Challenging the corporate takeover of our food and agricultural system, the resistance against genetically modified crops also continues to grow around the world. In October the Irish government announced a ban on the cultivation of all GM crops, while South Africa rejected GM potatoes the same month. Mobilization by the landless workers movement in Brazil resulted in agrochemical multinational Syngenta handing over its 127-hectare experimental farm in Parana to the state government in October 2008. The land, used by Syngenta for GM field trials, is now producing native seeds for distribution to small farmers and impoverished countries that have suffered devastation from hurricanes.
Ten years of determined activism has prevented implementation of the WTO’s Doha Round of trade liberalization. Indeed, as trade ministers head to Geneva for the seventh WTO Ministerial Conference on the tenth anniversary of Seattle, Pascal Lamy has been compelled to lower expectations for the meeting to avoid yet another failure. Instead, under the theme, “The WTO, the Multilateral Trading System and the Current Global Economic Environment,” the ministerial will assess the WTO’s “contribution” to solutions to global crises. As the spin advisories pitch the WTO as a way to deal with the most pressing issues of our times, social movements, labor unions and civil society organizations are demanding a “WTO turnaround” instead of the same failed policies.
And as world leaders and international NGOs meet in Copenhagen this December to chart a course for a new global climate deal, the “spirit of Seattle” is being invoked to inspire actions around the world. Nationwide protests in cities across the United States have “seattling” Copenhagen in mind, as activists prepare for nonviolent direct action against major climate polluters and their financiers, saying, “Our Climate Is Not Their Business!”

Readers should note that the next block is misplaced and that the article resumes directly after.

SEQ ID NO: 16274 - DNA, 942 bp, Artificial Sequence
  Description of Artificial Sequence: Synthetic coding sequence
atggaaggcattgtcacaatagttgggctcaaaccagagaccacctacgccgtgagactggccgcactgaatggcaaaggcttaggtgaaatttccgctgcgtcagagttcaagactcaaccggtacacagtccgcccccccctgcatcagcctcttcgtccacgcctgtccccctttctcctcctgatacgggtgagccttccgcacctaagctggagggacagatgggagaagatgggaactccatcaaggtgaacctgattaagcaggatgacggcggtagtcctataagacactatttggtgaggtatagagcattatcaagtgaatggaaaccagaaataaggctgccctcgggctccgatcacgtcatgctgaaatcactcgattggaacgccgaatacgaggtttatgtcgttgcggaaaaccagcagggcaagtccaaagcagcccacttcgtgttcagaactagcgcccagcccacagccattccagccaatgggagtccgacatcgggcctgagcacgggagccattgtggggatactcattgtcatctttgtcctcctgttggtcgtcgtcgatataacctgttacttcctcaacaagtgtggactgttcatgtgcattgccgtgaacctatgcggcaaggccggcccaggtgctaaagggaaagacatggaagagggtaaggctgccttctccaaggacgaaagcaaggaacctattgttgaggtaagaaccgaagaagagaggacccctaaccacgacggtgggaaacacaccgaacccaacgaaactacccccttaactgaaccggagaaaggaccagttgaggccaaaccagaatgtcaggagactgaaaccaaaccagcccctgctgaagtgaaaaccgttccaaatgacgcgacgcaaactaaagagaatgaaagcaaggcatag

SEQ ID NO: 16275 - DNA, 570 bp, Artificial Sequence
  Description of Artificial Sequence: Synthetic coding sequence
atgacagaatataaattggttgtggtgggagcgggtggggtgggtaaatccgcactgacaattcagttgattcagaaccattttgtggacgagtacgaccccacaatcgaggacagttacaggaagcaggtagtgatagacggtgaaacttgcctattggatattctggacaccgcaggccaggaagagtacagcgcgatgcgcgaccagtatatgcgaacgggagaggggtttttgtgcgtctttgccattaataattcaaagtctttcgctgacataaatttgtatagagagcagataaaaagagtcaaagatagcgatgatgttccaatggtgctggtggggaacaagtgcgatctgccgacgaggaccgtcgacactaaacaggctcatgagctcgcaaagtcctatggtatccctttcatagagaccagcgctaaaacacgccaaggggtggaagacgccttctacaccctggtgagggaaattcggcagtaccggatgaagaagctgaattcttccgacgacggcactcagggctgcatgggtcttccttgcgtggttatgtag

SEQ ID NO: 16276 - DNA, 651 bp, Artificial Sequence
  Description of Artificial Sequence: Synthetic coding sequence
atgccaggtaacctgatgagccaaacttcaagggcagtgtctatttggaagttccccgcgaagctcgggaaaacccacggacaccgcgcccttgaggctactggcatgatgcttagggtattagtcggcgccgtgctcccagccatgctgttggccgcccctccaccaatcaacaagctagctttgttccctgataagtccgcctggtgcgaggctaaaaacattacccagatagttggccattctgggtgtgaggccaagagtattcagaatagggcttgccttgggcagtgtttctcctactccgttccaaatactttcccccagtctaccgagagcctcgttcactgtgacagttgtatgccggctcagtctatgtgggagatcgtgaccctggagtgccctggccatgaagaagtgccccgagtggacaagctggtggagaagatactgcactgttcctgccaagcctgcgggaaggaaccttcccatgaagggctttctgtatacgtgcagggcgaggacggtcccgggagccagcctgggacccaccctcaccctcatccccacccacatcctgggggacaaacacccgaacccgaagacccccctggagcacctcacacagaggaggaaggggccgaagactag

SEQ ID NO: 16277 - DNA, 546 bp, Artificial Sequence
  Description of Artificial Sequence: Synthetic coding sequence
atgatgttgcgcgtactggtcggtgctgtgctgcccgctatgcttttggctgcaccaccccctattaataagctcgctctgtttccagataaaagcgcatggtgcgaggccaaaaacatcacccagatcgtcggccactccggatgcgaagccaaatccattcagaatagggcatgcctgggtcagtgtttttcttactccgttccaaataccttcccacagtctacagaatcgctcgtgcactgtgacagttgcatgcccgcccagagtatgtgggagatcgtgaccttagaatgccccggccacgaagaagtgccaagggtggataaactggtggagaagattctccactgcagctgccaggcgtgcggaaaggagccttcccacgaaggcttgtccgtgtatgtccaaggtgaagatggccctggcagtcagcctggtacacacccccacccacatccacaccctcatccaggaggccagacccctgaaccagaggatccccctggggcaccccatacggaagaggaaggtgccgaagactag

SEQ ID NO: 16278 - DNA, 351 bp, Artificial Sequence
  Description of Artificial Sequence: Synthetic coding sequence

Seattle was a call to action for ordinary working people to stand up and take back their streets and nations. It was a call to ensure that democracy is wrenched from corporations and that it remains of the people, by the people and for the people. This work continues today, inspired by the belief that “another world is possible.” In 2001 Subcomandante Marcos of Mexico’s Zapatista movement announced its coming well: “It is good for them to know, the gentlemen of money, that the times of yesterday will no longer be those of today nor those of tomorrow…. They shall no longer humiliate those of us who are the color of earth. We always had a voice. But it shall no longer be a murmur which lowers its head. It shall now be a shout which lifts the gaze and which shall force them to see us as we are, and to accept us as we are.”
The December 21, 2009 issue of The Nation that goes to press this week will feature a series of articles on where the fight for fair trade and humane development policies is headed ten years after “The Battle of Seattle” moved these issues to the center of the global debate.